Stocks Recoup Some of Yesterday’s Losses…..

U.S. equities ended the session higher, paring some of yesterday’s tumble with growth-related issues, particularly Information Technology and Communications Services, leading the way after being yesterday’s laggards. The recent pressure has stemmed from a backup in Treasury yields amid intensifying global supply chain challenges, and as expectations ramp up around when the Fed will begin to rein in recent stimulus measures. Meanwhile, a round of September reads on U.S. services activity surprised to the upside, and the trade deficit report came in wider-than-expected. In the wake of the economic data, Treasuries dipped to lift yields and the U.S. dollar gained modest ground, while crude oil prices added to a rally as of late, and gold was lower. In light equity news, PepsiCo topped Q3 earnings forecasts and raised its full-year guidance. Markets in Europe finished higher, getting a boost from the rebound in Information Technology issues, while stocks in Asia were mixed following data and amid signs of further Chinese real estate issues.

The Dow Jones Industrial Average rose 312 points (0.9%) to 34,315, the S&P 500 Index increased 45 points (1.1%) to 4,346, and the Nasdaq Composite gained 178 points (1.3%) to 14,434. In moderate volume, 871 million shares were traded on the NYSE and 4.1 billion shares changed hands on the Nasdaq. WTI crude oil rose $1.31 to $78.93 per barrel. Elsewhere, the gold spot price lost $7.10 to $1,760.50 per ounce, and the Dollar Index—a comparison of the U.S. dollar to six major world currencies—moved 0.2% higher to 93.99.

The trade balance showed that the August deficit widened more than anticipated, increasing to $73.3 billion, from July’s upwardly-revised deficit of $70.3 billion, and compared to the Bloomberg forecast of $70.8 billion. Exports rose 0.5% month-over-month (m/m), and imports increased 1.4%.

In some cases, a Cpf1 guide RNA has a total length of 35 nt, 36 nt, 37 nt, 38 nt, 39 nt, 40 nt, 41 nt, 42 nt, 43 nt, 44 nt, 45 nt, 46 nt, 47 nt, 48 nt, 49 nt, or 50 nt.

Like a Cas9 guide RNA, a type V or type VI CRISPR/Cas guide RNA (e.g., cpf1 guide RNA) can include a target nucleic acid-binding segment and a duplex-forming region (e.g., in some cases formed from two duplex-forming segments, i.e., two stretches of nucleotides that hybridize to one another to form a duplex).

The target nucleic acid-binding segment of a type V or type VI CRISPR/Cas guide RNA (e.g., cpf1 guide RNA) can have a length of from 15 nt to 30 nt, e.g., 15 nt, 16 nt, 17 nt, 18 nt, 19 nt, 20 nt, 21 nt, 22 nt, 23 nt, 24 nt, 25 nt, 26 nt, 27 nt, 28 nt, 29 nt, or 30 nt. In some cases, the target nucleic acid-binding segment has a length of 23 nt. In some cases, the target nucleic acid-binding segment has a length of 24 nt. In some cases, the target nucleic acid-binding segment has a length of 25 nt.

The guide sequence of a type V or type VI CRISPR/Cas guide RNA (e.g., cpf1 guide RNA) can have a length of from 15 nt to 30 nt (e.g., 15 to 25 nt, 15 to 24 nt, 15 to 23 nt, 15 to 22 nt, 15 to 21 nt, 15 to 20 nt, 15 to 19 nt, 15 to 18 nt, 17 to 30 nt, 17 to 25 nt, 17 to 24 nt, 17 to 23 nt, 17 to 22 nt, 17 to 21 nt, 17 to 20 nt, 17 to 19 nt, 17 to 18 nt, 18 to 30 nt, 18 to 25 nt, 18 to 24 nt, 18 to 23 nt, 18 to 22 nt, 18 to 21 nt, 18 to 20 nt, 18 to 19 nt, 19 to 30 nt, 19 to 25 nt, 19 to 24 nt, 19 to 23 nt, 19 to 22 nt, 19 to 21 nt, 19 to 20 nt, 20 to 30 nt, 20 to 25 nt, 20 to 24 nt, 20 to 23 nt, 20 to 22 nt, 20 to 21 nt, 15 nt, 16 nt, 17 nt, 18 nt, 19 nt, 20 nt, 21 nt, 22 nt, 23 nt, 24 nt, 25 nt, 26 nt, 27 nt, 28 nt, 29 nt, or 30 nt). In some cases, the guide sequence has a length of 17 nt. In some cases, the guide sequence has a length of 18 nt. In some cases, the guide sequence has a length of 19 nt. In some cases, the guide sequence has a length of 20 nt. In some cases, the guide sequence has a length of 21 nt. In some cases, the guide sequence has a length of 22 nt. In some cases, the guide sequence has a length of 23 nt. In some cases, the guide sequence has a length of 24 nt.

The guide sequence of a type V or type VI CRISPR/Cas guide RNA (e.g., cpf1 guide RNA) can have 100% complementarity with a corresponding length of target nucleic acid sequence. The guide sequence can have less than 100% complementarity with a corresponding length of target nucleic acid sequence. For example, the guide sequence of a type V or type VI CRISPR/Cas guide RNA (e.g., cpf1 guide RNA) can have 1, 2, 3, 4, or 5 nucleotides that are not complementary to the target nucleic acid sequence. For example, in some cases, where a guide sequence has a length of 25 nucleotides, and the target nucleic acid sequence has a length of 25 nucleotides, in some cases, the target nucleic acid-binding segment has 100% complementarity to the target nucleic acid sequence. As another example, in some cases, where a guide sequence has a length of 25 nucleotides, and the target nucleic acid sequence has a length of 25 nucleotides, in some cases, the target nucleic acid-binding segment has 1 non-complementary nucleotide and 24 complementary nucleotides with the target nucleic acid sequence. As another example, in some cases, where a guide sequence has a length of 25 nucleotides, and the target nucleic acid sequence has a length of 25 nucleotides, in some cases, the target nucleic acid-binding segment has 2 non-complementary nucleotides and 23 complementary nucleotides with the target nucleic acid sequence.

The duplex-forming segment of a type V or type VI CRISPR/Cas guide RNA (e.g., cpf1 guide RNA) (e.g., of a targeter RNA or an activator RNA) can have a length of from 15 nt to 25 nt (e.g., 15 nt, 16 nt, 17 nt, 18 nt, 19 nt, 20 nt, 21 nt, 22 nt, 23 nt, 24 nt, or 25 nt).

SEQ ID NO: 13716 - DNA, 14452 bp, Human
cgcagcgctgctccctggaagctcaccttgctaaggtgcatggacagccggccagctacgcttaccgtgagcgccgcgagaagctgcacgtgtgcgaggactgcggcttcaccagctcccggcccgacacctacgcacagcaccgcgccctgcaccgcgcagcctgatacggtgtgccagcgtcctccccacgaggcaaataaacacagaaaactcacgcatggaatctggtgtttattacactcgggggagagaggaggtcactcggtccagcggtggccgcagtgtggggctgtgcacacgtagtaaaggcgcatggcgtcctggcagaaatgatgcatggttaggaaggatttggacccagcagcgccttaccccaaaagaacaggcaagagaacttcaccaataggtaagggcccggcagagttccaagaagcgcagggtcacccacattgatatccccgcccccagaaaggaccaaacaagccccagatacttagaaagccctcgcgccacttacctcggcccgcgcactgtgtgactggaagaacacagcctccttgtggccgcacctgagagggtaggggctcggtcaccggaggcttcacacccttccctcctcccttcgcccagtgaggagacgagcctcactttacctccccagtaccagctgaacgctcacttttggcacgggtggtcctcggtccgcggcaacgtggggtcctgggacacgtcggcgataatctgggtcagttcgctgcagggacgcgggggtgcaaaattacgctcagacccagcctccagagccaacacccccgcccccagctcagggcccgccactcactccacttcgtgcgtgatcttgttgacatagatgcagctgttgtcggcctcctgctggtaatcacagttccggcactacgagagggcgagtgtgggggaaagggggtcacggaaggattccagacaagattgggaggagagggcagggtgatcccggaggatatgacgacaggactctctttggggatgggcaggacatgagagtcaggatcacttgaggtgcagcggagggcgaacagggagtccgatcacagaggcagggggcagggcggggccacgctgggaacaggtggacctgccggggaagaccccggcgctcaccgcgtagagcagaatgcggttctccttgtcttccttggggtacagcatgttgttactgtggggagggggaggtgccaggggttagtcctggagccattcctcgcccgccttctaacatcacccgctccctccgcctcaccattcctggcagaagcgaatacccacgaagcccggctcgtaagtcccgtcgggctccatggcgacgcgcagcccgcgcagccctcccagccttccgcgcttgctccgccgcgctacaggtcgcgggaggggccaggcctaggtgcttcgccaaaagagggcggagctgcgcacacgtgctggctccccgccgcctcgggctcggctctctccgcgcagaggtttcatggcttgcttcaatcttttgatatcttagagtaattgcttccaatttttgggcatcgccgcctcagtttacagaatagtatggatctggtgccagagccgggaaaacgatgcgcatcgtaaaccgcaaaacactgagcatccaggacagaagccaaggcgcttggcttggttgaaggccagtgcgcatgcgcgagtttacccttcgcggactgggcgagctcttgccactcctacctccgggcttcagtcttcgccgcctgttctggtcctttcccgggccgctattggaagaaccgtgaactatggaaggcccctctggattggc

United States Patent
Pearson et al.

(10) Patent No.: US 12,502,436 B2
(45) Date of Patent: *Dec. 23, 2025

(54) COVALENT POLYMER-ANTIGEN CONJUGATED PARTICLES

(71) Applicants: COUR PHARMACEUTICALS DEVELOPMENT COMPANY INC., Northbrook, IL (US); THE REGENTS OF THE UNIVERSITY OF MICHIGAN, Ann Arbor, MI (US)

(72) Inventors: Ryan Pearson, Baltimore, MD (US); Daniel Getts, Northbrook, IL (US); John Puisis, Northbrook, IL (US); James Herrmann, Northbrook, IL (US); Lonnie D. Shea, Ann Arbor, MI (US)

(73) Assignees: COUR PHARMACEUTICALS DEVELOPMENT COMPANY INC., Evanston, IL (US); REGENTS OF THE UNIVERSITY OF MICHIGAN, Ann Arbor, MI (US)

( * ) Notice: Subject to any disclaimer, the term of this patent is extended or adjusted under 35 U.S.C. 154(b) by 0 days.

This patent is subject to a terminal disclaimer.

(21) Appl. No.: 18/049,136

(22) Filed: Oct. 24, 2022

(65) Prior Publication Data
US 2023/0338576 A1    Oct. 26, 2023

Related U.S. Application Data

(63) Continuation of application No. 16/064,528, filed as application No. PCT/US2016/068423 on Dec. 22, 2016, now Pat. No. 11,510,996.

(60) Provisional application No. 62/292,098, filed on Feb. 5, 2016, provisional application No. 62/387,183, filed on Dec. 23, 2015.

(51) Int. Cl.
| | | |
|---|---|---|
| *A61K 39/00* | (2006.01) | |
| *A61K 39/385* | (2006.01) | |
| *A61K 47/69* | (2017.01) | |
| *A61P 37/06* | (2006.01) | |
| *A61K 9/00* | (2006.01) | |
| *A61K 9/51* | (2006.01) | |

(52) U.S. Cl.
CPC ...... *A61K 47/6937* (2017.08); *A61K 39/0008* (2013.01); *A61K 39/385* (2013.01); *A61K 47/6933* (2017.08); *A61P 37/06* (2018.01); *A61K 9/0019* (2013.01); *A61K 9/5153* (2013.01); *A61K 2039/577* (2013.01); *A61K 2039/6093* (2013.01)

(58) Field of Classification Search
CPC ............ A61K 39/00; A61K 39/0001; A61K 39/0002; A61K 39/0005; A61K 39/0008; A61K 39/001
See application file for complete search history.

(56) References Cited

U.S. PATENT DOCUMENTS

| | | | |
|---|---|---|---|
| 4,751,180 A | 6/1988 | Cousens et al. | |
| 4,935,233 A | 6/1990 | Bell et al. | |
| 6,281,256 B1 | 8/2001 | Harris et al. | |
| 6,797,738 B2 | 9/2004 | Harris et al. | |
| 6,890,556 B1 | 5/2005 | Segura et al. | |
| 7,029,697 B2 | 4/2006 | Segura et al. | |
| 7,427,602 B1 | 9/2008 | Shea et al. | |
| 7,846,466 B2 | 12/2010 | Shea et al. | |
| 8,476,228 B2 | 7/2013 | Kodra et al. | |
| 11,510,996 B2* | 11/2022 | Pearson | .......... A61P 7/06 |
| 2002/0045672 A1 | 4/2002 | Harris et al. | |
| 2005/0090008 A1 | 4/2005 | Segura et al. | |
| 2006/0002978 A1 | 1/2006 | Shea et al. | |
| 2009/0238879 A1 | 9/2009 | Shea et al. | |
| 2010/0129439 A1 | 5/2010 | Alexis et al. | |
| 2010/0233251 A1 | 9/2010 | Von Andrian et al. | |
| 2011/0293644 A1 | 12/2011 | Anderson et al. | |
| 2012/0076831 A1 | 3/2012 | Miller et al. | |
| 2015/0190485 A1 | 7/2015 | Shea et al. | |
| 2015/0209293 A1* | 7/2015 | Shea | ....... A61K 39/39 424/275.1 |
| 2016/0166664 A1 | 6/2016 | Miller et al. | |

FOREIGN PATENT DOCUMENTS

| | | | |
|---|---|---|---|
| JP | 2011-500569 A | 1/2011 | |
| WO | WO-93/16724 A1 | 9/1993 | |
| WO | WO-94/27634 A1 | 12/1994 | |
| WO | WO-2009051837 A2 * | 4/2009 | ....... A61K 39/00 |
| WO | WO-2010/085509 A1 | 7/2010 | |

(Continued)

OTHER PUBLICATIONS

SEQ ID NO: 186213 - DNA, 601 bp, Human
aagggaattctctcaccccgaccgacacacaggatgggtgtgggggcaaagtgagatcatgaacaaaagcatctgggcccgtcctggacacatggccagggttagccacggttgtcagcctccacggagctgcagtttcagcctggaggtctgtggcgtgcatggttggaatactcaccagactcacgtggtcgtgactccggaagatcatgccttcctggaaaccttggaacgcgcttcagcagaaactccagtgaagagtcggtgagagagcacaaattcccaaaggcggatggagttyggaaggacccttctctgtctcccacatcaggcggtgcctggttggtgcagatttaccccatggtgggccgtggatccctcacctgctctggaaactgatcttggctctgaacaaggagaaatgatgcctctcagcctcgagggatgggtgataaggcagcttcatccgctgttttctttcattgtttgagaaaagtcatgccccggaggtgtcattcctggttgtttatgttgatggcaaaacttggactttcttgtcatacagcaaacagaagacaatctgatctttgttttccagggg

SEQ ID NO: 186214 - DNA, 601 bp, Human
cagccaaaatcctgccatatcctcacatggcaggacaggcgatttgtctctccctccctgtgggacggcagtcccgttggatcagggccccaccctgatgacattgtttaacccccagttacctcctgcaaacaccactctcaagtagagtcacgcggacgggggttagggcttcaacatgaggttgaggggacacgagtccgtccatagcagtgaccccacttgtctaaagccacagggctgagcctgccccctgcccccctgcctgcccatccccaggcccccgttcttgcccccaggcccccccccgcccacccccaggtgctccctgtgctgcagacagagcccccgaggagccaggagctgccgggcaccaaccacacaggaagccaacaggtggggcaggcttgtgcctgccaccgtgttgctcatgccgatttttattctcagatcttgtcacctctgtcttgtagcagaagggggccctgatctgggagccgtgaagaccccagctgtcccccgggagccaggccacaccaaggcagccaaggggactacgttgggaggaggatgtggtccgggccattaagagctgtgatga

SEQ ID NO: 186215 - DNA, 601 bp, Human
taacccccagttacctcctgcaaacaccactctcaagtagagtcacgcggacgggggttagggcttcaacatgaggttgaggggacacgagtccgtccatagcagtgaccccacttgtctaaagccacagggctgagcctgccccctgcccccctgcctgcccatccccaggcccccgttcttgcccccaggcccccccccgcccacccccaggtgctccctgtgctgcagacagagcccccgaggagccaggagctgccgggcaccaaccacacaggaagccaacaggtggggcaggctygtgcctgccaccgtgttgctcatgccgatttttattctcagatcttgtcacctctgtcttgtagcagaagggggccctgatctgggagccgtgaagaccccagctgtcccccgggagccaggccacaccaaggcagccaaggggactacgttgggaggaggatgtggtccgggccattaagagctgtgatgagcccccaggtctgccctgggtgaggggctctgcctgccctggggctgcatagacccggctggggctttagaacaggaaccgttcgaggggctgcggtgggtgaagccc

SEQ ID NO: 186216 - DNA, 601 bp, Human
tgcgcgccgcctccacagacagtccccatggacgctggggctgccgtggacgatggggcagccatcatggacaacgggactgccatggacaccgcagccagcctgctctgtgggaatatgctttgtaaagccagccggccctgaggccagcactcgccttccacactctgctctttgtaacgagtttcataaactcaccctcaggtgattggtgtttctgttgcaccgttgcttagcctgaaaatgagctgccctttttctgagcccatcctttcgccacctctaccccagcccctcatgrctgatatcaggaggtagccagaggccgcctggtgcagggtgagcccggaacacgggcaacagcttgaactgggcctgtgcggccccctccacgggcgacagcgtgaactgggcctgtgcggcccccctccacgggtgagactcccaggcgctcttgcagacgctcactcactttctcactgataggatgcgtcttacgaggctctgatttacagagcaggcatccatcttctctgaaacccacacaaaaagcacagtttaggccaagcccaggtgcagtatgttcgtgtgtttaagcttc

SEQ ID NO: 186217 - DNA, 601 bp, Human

The September Institute for Supply Management (ISM) Services Index showed expansion in the key services sector (a reading above 50) rose to 61.9 from August’s 61.7 reading, and versus estimates of a decline to 59.9. The better-than-expected read came as growth in new orders and business activity increased, remaining above 60.0, whereas employment growth saw a modest deceleration. Meanwhile, new export orders fell again but stayed solidly in expansion territory and prices paid recovered somewhat from the prior month’s decline and remained above 75.0. The ISM said, “The slight uptick in the rate of expansion in the month of September continued the current period of strong growth for the services sector. However, ongoing challenges with labor resources, logistics, and materials are affecting the continuity of supply.”

The final Markit U.S. Services PMI Index for September was revised slightly higher to 54.9 from the preliminary estimate of 54.4, where it was expected to remain. The index was down from August’s 55.1 figure. A reading above 50 denotes expansion. Markit’s release is independent and differs from the Institute for Supply Management’s (ISM) report, as it has less historic value and Markit weights its index components differently, while its survey respondents include those that vary more in size, including small and medium-sized companies.

Treasuries were lower with yields volatile as the markets grappled with expectations that the Fed is moving closer to announcing that it will begin to rein in its extraordinary measures put in place to combat the impact of the pandemic, with economic growth fore-casted to be above trend and inflation running hot.

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